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15 Steps of Gratitude, 15 Steps to Freedom: For the Passover Seder

three people sitting at seder table, smiling and looking at their haggadot - two young women in white tank dresses and one younger boy at a table with candles, plates, and other seder items
Kadesh: In gratitude for moments we sanctify time, welcome each other, and welcome the stranger.
Urkhatz: In gratitude for mayyim hayyim, the living waters, for cleansing, second chances, and fresh starts.
Karpas: In gratitude for mother earth, the fields and forests that harness greenhouse gases and sustain life. and for new beginnings.
Yakhatz: In gratitude for the ability and courage to face all that is broken and in need of repair, in our world, and within ourselves.
Maggid: In gratitude for stories that remind us of our journey, connect us to our ancestors, instill hope, and inspire our desire to walk a path of blessing and redemption.
Rakhtzah: In gratitude for the many opportunities we have to say thank you, and for being commanded to bless!
Motzi: In gratitude for the land, the air, the sun and rain, and the many hands that work in concert with supernal forces to bring us bread from the earth.
Matzah: In gratitude for sustenance and simplicity. 
Maror: In gratitude for the faith that allows us to hold on, even by a thread, in times of crisis and hardship, giving way to deepened compassion for all who are suffering.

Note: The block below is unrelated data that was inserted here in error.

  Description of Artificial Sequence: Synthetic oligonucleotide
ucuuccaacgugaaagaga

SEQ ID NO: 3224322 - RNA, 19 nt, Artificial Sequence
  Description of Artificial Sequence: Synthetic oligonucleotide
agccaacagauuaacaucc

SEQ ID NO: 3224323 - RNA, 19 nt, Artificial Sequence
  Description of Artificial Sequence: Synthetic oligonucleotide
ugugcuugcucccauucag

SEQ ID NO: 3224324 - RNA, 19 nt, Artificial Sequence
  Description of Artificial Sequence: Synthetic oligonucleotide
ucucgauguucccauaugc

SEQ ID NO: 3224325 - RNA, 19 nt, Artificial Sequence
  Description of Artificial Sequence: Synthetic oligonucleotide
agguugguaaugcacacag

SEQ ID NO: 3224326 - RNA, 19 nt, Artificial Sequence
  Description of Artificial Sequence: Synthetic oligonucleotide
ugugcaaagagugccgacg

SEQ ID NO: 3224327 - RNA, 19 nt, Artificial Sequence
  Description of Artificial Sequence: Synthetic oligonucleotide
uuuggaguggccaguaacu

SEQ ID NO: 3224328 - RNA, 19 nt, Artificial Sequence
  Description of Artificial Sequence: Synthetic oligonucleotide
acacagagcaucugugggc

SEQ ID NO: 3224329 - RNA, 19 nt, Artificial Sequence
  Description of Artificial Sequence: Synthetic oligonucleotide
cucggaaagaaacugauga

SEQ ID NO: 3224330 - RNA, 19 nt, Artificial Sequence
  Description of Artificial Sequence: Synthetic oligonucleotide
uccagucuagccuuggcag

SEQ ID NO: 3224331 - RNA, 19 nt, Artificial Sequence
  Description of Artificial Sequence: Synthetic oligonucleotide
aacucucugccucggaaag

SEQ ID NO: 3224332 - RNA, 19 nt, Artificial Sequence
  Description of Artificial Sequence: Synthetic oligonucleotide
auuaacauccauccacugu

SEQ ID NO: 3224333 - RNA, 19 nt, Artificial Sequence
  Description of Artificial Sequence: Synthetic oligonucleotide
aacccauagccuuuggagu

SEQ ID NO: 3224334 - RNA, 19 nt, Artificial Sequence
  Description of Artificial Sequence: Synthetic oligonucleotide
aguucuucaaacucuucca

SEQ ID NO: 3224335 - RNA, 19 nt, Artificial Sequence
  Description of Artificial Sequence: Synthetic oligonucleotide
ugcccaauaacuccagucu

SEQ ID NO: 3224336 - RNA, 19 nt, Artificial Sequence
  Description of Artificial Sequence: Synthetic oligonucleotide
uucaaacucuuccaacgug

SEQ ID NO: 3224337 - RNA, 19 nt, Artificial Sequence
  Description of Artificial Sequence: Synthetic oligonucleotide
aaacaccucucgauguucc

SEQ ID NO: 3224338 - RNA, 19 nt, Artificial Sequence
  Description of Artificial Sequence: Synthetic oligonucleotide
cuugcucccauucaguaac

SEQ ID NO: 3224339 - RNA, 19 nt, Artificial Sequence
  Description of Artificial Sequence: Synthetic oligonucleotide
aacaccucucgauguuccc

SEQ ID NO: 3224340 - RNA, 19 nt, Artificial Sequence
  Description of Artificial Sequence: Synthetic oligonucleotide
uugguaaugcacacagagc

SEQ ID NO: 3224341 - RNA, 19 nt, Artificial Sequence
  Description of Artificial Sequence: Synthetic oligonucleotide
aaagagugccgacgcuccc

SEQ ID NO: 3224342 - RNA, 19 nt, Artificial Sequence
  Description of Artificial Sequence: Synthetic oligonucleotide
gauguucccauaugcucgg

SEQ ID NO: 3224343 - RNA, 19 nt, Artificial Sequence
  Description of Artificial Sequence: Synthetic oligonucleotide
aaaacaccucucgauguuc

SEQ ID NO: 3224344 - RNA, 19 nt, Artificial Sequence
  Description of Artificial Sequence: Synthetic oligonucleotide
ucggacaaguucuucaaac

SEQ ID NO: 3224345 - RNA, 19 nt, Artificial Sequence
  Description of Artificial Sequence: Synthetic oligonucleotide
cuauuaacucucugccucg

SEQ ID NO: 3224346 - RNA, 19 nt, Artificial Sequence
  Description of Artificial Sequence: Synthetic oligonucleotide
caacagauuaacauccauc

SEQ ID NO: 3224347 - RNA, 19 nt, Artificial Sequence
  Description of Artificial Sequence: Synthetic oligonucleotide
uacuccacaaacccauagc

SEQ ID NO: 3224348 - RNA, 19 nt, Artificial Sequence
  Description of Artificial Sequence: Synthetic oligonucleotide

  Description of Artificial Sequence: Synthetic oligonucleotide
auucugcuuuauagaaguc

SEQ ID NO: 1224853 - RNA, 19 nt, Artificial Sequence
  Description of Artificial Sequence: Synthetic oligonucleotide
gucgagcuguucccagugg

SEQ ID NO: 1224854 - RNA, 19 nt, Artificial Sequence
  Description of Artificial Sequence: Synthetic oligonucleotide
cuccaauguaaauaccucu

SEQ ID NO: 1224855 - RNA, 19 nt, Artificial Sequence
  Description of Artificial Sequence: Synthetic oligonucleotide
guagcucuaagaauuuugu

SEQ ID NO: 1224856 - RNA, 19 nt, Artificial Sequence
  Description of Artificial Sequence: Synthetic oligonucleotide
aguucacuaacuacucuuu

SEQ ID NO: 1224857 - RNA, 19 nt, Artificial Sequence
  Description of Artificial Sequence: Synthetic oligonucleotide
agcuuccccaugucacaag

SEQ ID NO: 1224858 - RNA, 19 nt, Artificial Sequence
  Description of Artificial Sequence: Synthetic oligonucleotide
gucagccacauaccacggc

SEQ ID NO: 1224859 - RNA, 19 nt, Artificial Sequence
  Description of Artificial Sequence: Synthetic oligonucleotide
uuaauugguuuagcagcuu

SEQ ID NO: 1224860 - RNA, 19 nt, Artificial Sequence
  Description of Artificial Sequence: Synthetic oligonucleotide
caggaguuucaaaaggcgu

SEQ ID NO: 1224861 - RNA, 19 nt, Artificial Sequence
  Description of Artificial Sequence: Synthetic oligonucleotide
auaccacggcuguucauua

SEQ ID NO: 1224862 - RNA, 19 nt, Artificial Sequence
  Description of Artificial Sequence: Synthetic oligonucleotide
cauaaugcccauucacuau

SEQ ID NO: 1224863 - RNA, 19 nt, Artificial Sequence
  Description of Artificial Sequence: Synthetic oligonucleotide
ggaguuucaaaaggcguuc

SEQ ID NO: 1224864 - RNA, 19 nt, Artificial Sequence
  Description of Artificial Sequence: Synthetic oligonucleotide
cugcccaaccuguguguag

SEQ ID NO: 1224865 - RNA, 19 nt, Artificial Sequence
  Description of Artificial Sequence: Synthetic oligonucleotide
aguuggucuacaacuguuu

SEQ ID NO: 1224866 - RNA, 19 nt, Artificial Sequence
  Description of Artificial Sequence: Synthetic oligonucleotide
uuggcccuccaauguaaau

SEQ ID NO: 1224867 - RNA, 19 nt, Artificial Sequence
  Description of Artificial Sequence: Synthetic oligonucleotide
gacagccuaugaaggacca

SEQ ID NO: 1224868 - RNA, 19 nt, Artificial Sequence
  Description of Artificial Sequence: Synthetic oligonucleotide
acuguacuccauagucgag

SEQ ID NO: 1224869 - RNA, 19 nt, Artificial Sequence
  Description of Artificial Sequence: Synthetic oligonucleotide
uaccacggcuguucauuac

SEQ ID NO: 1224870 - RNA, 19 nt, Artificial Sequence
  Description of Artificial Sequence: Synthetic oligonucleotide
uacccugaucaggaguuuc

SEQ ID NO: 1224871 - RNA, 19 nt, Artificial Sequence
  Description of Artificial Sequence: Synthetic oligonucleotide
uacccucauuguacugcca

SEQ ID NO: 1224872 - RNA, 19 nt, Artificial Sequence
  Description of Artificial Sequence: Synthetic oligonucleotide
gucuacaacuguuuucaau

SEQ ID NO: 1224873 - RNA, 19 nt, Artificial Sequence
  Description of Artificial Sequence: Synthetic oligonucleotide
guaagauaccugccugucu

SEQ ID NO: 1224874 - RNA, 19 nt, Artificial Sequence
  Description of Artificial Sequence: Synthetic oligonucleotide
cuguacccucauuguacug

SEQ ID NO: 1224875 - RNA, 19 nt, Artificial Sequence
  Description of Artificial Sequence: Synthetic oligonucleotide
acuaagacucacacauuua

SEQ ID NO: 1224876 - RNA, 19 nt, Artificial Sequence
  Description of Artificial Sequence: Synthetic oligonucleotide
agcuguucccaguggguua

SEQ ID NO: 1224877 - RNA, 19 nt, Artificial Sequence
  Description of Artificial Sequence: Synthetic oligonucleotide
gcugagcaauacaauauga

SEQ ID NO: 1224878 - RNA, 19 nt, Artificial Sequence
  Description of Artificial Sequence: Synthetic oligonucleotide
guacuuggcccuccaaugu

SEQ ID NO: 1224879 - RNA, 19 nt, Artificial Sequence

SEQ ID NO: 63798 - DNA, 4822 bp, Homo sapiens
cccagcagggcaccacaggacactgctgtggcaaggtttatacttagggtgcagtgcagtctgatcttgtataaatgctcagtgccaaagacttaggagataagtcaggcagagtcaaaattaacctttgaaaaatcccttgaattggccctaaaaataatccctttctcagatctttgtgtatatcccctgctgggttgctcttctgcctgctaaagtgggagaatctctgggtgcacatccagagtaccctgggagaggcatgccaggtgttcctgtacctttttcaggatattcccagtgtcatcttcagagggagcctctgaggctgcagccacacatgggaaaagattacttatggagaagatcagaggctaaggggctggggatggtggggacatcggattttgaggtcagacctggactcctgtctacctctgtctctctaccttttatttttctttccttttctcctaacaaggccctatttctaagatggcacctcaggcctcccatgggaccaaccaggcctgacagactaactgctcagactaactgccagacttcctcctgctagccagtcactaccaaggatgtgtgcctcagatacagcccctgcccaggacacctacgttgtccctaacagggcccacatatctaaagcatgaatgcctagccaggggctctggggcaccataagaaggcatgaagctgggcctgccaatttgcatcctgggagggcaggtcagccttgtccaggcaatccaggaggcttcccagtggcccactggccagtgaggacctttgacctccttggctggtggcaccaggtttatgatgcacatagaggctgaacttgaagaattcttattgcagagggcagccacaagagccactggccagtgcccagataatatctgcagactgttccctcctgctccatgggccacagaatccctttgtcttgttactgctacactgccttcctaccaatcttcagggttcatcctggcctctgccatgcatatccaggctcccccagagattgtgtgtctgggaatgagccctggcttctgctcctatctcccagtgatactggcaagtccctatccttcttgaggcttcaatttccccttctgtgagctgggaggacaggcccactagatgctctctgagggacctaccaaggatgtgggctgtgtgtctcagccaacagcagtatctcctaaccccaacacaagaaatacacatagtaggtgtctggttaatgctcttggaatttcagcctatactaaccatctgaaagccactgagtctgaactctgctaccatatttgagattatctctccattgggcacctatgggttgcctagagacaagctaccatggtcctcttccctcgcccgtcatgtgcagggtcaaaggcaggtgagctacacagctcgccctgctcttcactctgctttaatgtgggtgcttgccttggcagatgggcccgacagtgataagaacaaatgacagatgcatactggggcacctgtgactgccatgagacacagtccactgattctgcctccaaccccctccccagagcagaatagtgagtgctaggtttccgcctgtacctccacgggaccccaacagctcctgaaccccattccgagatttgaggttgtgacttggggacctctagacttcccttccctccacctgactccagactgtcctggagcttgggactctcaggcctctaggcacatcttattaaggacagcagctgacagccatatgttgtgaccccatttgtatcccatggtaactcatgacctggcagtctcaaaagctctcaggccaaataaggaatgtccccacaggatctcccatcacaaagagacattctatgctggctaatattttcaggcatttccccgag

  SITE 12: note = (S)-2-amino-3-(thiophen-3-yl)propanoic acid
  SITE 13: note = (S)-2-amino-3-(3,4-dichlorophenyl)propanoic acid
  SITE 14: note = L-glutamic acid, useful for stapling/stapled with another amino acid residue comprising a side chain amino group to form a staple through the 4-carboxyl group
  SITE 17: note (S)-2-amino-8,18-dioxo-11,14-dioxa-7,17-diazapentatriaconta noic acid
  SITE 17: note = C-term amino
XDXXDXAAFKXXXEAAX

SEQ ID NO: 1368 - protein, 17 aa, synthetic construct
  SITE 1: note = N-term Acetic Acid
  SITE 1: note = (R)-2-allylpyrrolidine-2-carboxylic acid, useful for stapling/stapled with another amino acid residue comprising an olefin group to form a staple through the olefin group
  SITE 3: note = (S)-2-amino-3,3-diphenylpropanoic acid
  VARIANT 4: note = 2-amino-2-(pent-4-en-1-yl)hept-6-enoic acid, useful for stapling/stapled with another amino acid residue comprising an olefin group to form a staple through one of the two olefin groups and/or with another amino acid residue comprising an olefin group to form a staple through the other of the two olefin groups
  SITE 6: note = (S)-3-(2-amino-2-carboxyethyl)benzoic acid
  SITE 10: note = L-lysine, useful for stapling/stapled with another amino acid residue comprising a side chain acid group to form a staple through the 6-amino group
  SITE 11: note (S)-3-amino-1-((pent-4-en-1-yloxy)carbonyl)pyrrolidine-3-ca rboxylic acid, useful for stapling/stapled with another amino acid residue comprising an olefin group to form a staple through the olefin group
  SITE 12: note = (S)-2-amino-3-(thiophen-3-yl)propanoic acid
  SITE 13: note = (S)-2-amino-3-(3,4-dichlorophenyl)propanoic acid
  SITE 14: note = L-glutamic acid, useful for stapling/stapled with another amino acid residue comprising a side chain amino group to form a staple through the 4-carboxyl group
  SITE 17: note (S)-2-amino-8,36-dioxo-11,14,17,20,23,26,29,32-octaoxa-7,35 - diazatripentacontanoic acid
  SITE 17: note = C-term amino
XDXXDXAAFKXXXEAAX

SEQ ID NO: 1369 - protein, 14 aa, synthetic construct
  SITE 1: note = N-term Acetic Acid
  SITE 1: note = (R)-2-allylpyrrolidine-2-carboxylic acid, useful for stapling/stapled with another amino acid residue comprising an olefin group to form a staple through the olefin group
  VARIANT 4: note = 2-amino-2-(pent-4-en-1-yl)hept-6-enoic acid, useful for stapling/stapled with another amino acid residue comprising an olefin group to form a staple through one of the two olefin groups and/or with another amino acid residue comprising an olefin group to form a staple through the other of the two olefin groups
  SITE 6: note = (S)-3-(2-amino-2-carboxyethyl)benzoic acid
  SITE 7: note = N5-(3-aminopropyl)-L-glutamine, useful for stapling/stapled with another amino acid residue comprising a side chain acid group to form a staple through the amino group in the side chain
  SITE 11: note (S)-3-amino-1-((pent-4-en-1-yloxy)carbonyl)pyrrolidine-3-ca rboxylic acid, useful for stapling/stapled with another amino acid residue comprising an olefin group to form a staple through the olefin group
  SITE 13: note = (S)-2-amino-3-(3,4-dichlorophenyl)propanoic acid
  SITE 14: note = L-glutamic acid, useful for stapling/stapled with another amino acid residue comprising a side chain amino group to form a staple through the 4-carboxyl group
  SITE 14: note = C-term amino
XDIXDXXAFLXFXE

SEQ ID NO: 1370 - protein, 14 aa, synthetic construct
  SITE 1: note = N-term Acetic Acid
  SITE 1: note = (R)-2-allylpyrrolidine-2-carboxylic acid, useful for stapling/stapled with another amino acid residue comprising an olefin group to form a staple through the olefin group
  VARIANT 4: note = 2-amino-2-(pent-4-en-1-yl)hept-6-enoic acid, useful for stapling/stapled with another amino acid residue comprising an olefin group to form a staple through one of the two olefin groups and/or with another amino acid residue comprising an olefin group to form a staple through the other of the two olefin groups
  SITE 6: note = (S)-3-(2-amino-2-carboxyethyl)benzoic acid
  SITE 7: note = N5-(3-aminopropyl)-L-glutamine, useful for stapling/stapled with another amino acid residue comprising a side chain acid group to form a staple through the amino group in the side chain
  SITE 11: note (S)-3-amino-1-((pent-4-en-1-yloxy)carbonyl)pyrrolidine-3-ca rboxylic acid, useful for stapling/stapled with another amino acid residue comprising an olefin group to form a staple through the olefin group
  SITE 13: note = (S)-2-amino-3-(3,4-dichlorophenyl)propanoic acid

Korekh: In gratitude for the capacity to taste the bitter and the sweet, to feel pain and joy, to hold grief and beauty, and be stretched large by both.
Shulkhan Orekh: In gratitude to all those whose hands till, sow, harvest and tend the earth, package, distribute, transport, shop, chop, simmer, bake and stir, in the preparation of this festive meal.
Tzafun: In gratitude for the hidden and revealed, for trust in our “True North,” and the good things that come to all who wait.
Bareikh: In gratitude for fulfillment and the Source-of-Everything through which all blessings flow.
Hallel: In gratitude for the freedom to sing, to offer up our praises to the Most High, the Breath-That-Breathes-Through-All-Life, Hallelujah!
Nirtzah: In gratitude for the journey that does not end, in gratitude to gratitude—a path of liberation, pointing us toward justice, redemption, and wholeness, a better world for all, a land of promise. 

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